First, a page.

Alternate Title: Evaluating CPBL’s Best Foreign Pitchers in a non-CPBL Context Since There Are Currently No CPBL Games
(As with the rest of the CPBL coverage on the site, we’ll be using the Taiwanese order for player names as is standard across CPBL English-language broadcasts and websites such as CPBL Stats. For example: Jhang Jin-De was known as “Jin-De Jhang” while playing in Minor League Baseball.)
As Taiwan’s CPBL enters into another week of postponed games, it’s beginning to look like this might be a lengthy delay – and that means there will be the potential of non-CPBL teams asking about the top tier of foreign pitchers. FanSided’s Robert Murray posed the question on Twitter:
He’s right, of course, in highlighting Stankiewicz’s talent. The righty has been phenomenal this year in seven starts. As Murray points out, he’s third in ERA among the league across that qualifier; he’s only behind reliever Kuan Ta-Yuan of the Brothers and starter Jake Brigham, who started eight games and left to rejoin the Kiwoom Heroes in the KBO. Essentially, of the starters currently in the league, he’s been the best.
Wasn’t There A Juiced Ball in This League Recently?
Before evaluating Stankiewicz any further, I’d argue there’s a level of hesitation to accept how good the pitching’s been across the league this year. The CPBL has been experimenting with the baseball over the last few years, and that’s resulted in various dramatic changes across stats – for as hitter-friendly as the league was in 2020, it’s become extremely good to pitchers in 2021 throughout the 40-ish games they completed before the postponements.
Two pitchers (Huang Tzu-Peng and Cheng Kai-Wen) made the leap from the bullpen back into the rotation and have had strong outings reasonably consistently. If you include Brigham, there are eleven qualified pitchers with an ERA under 4. In 2020, the average ERA was much higher across the first half. Even by the end of the season, the leading team ERA was 4.20. This year, it’s 3.03. The batters in this league are remarkably talented, and if I may insert my own opinion here, they didn’t get that much worse this year.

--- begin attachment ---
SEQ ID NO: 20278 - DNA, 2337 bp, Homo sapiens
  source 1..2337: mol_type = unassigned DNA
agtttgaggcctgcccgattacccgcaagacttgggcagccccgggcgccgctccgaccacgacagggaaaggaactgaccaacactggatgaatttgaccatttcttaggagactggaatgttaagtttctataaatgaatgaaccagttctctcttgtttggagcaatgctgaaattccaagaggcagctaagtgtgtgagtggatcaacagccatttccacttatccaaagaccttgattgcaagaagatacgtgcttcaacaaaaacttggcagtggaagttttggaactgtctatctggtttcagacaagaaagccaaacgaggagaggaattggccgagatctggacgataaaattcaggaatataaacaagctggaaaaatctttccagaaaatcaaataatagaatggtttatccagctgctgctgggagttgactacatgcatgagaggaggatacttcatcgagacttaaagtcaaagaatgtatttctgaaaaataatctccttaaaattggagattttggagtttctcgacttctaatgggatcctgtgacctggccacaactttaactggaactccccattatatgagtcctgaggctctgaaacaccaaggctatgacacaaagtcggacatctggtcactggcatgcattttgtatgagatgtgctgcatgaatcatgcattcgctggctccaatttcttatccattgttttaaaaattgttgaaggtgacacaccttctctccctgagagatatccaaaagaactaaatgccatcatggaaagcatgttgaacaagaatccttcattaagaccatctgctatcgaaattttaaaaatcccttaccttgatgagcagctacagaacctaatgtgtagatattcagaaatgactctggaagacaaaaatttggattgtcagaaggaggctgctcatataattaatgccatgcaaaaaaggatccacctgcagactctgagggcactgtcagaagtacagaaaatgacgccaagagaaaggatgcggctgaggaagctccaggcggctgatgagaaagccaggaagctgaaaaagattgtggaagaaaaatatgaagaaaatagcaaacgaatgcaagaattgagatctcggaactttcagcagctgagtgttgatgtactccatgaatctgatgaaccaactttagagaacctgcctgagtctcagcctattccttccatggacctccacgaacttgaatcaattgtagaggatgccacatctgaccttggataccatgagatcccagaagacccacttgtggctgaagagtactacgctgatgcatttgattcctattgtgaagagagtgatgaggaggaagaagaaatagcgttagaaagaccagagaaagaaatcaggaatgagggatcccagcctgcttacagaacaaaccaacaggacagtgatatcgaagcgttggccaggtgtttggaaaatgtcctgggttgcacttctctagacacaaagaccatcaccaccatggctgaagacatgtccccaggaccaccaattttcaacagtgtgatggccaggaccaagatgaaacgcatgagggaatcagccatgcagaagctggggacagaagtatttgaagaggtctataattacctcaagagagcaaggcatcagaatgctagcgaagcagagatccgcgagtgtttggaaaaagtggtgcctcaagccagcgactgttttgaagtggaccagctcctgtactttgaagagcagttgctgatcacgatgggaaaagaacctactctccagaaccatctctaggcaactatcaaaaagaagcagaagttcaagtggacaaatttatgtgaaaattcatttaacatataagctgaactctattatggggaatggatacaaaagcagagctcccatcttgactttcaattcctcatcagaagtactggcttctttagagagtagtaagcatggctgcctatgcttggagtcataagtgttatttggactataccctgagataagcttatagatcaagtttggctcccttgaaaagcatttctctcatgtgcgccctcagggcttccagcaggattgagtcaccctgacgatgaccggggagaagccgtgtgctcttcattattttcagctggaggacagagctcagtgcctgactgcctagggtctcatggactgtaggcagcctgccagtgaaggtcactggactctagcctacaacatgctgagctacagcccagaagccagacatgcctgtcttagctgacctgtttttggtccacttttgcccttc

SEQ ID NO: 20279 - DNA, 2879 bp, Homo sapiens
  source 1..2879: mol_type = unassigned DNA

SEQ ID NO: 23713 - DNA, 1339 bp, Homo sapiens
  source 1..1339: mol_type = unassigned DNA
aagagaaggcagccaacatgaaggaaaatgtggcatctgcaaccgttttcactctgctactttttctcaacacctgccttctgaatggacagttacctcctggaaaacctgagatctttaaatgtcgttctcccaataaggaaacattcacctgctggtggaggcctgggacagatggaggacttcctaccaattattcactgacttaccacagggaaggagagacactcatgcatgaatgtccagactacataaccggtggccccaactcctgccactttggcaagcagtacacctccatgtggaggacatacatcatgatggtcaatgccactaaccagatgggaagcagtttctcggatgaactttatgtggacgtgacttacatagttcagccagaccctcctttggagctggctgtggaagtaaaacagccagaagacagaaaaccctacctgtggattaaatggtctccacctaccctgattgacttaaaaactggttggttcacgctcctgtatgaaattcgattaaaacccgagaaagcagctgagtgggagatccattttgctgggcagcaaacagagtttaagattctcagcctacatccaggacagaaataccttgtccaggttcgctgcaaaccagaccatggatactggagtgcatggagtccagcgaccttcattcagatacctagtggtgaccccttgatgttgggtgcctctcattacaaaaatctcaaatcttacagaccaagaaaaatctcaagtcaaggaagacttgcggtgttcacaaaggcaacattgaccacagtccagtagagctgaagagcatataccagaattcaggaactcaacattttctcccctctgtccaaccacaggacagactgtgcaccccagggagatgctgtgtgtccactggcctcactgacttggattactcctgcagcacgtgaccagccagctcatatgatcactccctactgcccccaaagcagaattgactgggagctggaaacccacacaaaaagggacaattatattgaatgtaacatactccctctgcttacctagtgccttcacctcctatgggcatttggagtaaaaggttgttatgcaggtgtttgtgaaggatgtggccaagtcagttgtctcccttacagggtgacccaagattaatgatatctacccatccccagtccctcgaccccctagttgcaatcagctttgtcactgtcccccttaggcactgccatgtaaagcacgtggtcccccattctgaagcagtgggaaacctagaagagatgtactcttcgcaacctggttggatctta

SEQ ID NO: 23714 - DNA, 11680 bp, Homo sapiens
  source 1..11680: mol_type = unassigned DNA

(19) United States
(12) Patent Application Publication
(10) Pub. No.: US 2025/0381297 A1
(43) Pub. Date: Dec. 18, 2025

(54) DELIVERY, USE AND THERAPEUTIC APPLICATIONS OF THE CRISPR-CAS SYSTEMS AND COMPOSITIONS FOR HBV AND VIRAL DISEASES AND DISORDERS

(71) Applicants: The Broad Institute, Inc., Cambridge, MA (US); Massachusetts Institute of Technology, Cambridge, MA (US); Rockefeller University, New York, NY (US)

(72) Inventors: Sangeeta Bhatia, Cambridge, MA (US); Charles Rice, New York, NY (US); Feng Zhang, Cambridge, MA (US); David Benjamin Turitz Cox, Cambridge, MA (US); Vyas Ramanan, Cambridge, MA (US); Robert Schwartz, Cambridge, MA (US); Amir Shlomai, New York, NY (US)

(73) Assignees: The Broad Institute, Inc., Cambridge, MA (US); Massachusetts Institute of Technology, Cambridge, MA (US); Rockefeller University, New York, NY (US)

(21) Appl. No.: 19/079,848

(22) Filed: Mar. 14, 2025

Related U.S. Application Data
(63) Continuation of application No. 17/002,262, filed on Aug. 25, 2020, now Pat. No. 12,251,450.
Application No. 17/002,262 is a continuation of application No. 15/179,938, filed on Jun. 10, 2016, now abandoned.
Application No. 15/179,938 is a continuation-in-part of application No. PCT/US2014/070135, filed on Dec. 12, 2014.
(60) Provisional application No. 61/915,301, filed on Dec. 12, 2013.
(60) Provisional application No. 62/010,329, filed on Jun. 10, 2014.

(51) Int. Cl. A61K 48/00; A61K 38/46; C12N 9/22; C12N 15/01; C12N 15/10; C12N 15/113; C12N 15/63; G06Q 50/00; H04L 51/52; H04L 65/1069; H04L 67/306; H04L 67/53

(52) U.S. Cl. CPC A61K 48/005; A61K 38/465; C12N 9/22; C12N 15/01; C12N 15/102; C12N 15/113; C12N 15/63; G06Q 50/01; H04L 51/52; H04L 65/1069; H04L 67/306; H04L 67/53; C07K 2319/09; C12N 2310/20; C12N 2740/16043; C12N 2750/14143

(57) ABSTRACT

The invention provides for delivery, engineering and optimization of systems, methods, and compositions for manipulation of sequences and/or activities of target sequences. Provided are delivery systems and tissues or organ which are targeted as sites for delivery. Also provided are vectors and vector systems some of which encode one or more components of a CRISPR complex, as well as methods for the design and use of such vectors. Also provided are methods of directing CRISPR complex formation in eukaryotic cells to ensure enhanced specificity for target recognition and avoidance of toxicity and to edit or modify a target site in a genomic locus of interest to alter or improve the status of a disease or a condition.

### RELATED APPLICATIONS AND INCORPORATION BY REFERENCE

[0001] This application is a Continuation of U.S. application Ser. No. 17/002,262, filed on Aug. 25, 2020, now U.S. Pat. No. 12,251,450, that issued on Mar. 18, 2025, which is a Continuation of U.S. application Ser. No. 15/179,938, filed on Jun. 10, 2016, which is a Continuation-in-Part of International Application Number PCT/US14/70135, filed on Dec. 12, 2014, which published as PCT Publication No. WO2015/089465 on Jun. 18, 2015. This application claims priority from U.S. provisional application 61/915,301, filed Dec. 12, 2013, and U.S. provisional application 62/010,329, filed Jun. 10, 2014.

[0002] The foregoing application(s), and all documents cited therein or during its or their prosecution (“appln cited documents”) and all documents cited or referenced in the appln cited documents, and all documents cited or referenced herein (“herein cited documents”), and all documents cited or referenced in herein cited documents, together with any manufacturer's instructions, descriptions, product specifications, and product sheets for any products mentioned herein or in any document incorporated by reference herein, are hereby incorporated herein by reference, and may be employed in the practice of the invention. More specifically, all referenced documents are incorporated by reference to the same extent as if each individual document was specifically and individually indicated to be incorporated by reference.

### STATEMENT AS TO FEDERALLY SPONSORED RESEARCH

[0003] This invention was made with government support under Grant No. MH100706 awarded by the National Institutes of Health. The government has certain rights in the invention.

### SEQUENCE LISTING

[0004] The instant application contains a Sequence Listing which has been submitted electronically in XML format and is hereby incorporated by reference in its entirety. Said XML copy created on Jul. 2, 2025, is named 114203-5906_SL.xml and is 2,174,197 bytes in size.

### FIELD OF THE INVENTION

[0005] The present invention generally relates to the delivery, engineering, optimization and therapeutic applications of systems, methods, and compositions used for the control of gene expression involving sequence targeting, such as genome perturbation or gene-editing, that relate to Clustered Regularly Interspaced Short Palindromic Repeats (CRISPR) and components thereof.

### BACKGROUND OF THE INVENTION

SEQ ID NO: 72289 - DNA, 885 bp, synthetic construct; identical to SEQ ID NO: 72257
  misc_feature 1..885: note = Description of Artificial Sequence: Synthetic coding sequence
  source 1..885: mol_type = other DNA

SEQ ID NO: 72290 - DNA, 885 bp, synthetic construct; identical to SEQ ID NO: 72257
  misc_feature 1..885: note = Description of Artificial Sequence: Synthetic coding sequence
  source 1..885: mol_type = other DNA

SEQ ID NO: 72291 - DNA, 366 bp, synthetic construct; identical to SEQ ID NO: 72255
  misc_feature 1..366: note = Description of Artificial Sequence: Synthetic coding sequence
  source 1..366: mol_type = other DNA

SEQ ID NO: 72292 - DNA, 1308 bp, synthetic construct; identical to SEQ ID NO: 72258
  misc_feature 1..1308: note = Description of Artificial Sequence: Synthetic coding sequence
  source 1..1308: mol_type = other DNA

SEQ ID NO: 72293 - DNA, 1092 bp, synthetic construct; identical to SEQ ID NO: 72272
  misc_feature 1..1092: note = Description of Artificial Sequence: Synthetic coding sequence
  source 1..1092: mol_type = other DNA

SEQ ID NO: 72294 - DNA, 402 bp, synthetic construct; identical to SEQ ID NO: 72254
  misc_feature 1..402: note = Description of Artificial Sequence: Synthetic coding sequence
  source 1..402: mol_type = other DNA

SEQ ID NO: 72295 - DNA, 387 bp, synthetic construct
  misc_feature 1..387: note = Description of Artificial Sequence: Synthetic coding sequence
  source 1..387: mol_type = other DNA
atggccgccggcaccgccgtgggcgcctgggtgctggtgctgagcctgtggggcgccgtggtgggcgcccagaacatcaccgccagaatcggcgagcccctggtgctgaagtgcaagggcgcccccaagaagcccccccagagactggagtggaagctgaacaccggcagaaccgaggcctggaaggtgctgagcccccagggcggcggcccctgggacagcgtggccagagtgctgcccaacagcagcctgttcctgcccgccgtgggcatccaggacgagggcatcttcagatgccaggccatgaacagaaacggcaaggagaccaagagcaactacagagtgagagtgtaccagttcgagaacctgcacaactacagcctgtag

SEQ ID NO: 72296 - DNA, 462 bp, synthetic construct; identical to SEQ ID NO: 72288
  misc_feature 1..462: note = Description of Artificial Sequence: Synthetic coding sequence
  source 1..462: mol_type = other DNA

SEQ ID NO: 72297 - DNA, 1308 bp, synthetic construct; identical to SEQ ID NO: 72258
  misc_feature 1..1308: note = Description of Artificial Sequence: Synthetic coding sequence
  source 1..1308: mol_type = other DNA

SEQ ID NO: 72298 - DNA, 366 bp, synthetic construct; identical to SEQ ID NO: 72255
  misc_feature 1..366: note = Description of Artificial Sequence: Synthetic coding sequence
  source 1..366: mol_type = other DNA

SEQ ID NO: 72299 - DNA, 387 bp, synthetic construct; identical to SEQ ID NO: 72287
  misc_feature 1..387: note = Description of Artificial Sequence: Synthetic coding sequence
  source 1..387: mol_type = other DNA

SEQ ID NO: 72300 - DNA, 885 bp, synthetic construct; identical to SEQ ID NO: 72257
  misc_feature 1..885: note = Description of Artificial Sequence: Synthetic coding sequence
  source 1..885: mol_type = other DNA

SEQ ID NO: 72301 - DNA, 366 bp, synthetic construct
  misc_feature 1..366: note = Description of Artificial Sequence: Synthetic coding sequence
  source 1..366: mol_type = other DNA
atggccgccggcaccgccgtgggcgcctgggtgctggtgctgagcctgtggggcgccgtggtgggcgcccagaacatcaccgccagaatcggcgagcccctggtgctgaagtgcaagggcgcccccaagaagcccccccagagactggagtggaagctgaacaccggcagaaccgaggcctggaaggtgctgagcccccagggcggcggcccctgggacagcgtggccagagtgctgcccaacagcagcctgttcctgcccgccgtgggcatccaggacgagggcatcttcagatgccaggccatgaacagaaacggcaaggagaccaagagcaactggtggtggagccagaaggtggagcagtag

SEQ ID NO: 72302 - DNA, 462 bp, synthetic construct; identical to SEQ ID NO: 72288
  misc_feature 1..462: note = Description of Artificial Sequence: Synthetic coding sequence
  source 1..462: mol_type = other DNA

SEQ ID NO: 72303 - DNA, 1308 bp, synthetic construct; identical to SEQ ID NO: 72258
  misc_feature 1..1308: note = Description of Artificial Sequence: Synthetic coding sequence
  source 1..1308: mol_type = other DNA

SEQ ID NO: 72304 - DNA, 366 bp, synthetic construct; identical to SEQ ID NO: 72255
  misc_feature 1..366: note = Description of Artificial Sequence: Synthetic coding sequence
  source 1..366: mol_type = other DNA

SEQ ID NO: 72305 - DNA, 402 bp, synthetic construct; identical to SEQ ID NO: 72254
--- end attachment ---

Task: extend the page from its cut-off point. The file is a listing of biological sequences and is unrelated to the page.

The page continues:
So, there are two baseballs to factor in. Actually, there’s three. There was a first-half baseball in 2020 (incredibly juiced), a second-half baseball (still juiced, but not as much) in 2020, and a new one again in 2021 (pitcher-friendly). All of these conclusions are my own, but they’re pretty obvious to anyone who’s watched an extended amount of these time periods for the league.
So then, good luck evaluating Jose De Paula or Mike Loree (two pitchers who pitched in all three of the aforementioned half-seasons) in a non-CPBL context.
My point, in all of this talk about baseballs and pitching talent in the Taiwanese league, is to give the proper context for the Baseball-Reference pages to anyone who’s looking at the postponement of the games and wondering how much these pitchers could help MLB, KBO, or NPB teams. My secondary point is to highlight how complicated it makes stats when leagues are inconsistent with the interior design and COR value of the baseball. Consistency is appreciated, and so is transparency with any changes.
So, Which Scouts Should be Looking at the Uni-Lions Championship Trio?
Stankiewicz is the highlight for a reason, though. Not only did he pitch in AAA as recently as in 2019, he’s also only pitched with the 2020 second-half ball and the 2021 ball – this makes evaluating him, as well as teammates Tim Melville and Brock Dykxhoorn more realistic when looking at a potential MLB or MiLB role.
Let’s start with Melville and Dykxhoorn, since they’re both doing well but are less likely to gather MLB interest.
Melville’s 31, and he’s gotten a chance at MLB. I think there’s a real chance that Melville does well in a KBO or NPB setting if he wants to pitch in the summer of 2021, but I think the MLB door is probably closed for now unless he’s willing to accept a Minor League deal and pitch in AAA. Is that worth it over waiting out the virus and pitching the Uni-Lions to a potential championship? I can’t read Melville’s mind, but I suspect it’s probably not.
Dykxhoorn is still just 26, and his experience across KBO and CPBL could get the attention of an MLB team. So far in his MiLB career, his ceiling has appeared to be around AAA or AA, which was likely why he made the call to go to KBO in 2019. His emergence as a strong CPBL pitcher makes him a candidate to return to KBO for another opportunity if the season is postponed for a considerable amount of time.
Both Dykxhoorn and Melville are under contracts that aren’t public, but if they were allowed to pursue other opportunities, it seems likeliest that a KBO team would be their best fit in 2021. If they were to do that and pitch well (similarly to Ryan Carpenter or Ariel Miranda’s paths), more doors could open.